It might be easier to understand if you view the products from their level of lather instead of their ingredients, as Lorraine Massey's CG method is based on this concept. The in-detail focus on which surfactants to use on hair really came about by other folks out there trying to suss things out for themselves...
No-poo = cleansing conditioner (zero lather)
Low-poo = shampoo with mild detergents, mild (read: very low) lather [these can't really contain sulfates if the lather is low] *According to CG method wavies and some curlies could do well with these on occasion if build-up occurs*
"Sham-poo" = traditional shampoos (may or may not contain sulfates, has moderate lather) *According to CG method, most curlies should do fine without this product*
Clarifying shampoo = high detergent shampoos (ie, in higher concentrations than traditional ones) meant to thoroughly strip the hair of oils, dirt and grime (highest presence of lather) *according to CG method no curly should ever need this product*
So the more lather, the more stripping the product, which is why LM emphasizes no lather for curly hair (quotes from her camp: "there's no magic in bubbles" and "your hair will love a bubble-free diet"). Ultimately because every head of curls is different, you will need to make that decision for yourself and do what works for you.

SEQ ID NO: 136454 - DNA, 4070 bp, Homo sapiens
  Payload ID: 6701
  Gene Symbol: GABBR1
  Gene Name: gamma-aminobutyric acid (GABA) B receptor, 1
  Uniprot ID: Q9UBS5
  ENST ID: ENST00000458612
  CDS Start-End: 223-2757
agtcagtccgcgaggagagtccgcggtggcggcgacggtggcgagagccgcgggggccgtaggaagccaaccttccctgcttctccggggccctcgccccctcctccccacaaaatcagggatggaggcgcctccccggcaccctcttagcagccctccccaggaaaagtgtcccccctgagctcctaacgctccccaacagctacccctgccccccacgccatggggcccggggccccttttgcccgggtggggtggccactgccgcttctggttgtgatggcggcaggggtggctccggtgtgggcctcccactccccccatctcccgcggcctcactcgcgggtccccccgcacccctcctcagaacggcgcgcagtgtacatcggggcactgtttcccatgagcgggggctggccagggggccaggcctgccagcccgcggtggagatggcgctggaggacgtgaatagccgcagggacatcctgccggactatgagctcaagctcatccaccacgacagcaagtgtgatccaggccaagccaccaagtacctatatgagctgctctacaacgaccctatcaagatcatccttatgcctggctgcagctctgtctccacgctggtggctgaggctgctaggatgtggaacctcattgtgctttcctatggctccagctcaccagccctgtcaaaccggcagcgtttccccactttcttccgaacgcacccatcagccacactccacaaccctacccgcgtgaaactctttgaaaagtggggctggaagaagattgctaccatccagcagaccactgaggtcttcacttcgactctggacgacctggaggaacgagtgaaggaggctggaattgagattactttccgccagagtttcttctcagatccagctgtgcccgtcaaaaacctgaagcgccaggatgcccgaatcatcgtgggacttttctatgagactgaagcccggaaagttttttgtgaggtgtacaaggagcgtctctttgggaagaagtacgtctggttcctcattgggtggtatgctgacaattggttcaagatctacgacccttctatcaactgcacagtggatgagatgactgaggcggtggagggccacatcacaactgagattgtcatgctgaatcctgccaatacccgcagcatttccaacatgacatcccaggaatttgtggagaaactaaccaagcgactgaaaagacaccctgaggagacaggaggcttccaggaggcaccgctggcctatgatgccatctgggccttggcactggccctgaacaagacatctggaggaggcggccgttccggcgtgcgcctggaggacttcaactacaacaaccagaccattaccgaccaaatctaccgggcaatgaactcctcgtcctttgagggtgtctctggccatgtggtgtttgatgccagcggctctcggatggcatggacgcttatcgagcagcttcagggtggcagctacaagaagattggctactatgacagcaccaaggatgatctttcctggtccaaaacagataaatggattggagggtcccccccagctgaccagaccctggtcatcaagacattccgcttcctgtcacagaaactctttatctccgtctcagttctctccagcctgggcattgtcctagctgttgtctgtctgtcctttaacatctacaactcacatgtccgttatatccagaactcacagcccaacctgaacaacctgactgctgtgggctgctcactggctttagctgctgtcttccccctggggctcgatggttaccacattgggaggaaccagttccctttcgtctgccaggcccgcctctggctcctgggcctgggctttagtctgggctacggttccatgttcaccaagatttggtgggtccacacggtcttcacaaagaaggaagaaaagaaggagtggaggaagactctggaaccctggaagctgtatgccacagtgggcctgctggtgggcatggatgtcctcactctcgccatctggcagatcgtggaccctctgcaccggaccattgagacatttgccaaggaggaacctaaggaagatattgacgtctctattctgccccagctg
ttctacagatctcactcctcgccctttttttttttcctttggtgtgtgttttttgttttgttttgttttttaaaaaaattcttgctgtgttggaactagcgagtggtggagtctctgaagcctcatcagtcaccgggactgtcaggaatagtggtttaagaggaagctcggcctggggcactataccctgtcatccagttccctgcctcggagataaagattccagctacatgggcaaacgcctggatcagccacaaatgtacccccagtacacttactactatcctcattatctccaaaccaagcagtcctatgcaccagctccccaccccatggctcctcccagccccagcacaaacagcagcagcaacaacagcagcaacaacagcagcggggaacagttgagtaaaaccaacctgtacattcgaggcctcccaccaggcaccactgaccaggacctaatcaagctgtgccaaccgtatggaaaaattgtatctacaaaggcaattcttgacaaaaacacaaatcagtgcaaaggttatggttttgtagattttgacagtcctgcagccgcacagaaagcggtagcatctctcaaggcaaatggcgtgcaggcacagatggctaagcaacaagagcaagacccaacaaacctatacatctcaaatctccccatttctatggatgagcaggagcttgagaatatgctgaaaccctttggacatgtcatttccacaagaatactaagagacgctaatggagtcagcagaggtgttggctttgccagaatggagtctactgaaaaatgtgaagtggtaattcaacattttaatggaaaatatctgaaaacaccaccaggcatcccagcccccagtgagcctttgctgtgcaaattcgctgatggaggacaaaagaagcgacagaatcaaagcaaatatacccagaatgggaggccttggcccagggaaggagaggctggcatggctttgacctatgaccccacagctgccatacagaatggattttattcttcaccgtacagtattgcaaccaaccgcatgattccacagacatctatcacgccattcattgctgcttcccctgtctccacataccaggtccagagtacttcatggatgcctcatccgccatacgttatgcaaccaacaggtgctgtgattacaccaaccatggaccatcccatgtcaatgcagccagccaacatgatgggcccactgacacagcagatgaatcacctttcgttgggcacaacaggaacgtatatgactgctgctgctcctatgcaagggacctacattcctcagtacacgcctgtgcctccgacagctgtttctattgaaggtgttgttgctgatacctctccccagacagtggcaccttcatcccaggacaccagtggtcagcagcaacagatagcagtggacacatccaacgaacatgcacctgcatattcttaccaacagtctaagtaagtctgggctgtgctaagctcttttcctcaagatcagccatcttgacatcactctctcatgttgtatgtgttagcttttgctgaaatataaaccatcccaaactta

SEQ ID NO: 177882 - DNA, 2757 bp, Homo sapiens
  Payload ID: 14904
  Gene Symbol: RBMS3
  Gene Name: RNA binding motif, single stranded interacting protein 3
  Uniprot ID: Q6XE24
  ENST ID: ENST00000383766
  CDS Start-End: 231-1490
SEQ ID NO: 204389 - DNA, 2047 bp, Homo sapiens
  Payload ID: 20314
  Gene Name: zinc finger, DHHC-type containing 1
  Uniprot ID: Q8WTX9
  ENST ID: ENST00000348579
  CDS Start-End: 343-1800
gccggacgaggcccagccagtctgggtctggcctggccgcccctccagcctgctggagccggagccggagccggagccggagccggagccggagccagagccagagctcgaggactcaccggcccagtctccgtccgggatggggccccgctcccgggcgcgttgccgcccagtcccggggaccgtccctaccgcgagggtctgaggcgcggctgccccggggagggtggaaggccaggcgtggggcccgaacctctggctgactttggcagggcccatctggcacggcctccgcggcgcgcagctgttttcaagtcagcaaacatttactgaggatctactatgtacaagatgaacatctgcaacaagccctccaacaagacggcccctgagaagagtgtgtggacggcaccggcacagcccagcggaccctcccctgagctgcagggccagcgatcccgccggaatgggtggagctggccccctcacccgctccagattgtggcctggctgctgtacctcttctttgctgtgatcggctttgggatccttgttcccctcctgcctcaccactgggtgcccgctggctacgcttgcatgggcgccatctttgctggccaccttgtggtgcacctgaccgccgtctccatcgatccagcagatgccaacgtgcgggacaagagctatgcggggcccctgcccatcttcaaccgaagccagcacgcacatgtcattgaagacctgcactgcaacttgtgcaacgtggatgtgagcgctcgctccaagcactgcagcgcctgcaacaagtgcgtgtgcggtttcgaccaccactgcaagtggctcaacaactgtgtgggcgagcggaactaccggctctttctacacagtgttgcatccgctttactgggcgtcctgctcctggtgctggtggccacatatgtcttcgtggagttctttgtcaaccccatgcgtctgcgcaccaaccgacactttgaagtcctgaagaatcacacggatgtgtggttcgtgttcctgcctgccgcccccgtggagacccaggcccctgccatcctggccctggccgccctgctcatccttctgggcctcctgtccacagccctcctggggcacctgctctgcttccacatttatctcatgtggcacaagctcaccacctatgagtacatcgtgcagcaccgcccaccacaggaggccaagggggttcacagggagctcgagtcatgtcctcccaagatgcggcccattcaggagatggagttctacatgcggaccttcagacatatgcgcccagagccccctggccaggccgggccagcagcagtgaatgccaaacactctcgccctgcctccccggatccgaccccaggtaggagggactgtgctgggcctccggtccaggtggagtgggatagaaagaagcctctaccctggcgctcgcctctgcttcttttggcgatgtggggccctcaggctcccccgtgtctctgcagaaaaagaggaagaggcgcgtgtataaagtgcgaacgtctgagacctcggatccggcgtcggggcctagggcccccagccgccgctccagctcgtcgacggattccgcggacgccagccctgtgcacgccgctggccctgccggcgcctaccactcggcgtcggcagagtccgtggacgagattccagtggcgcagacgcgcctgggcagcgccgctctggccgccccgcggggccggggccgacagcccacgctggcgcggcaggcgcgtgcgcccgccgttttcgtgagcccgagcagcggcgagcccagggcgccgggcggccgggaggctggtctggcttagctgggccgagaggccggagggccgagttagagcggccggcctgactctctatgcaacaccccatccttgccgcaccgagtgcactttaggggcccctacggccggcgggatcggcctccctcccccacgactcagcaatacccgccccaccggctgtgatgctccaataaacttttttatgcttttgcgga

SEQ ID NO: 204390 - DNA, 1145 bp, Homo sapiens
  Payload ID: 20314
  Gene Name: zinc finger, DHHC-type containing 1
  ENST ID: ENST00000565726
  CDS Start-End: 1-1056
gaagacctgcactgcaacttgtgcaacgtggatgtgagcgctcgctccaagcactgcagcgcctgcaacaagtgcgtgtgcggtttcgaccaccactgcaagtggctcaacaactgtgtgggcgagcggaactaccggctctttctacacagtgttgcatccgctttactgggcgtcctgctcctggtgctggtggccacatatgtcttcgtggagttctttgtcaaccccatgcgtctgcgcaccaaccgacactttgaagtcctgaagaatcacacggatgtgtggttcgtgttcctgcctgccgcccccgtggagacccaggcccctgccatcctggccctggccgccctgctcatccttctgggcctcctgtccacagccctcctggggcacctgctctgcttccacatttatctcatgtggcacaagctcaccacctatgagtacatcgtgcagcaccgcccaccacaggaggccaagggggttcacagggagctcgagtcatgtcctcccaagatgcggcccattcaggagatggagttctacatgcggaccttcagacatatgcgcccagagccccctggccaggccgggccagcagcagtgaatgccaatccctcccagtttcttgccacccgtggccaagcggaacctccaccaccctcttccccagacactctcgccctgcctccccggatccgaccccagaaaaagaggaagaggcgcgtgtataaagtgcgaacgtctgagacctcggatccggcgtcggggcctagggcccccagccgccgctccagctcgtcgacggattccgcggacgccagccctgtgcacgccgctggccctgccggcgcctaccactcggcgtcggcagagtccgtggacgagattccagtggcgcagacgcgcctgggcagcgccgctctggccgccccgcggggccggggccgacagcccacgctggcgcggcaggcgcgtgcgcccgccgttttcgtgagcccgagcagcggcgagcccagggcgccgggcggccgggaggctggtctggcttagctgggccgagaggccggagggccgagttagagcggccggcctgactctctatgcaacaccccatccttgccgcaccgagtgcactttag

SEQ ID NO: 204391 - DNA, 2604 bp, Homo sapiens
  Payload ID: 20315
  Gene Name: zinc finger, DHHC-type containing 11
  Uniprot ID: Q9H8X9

Hopes this helps.
Edit: in terms of mineral deposits, Curl Junkie Daily Fix is a cleansing conditioner that contains chelating ingredients such as tetrasodium EDTA (which aren't the same as sulfates) so you don't need a sulfate based cleanser to get build up out of the hair, just look for that ingredient. You might also want to do a Google search for chelating ingredients to find out other types to look for as well.
4a/3c, fine strands, low porosity, medium density
Last relaxer: Jan 2010 - BC'd: 2/27/11
Last edited by artemis513; 10-13-2012 at 11:34 AM.
Reason: add'l thoughts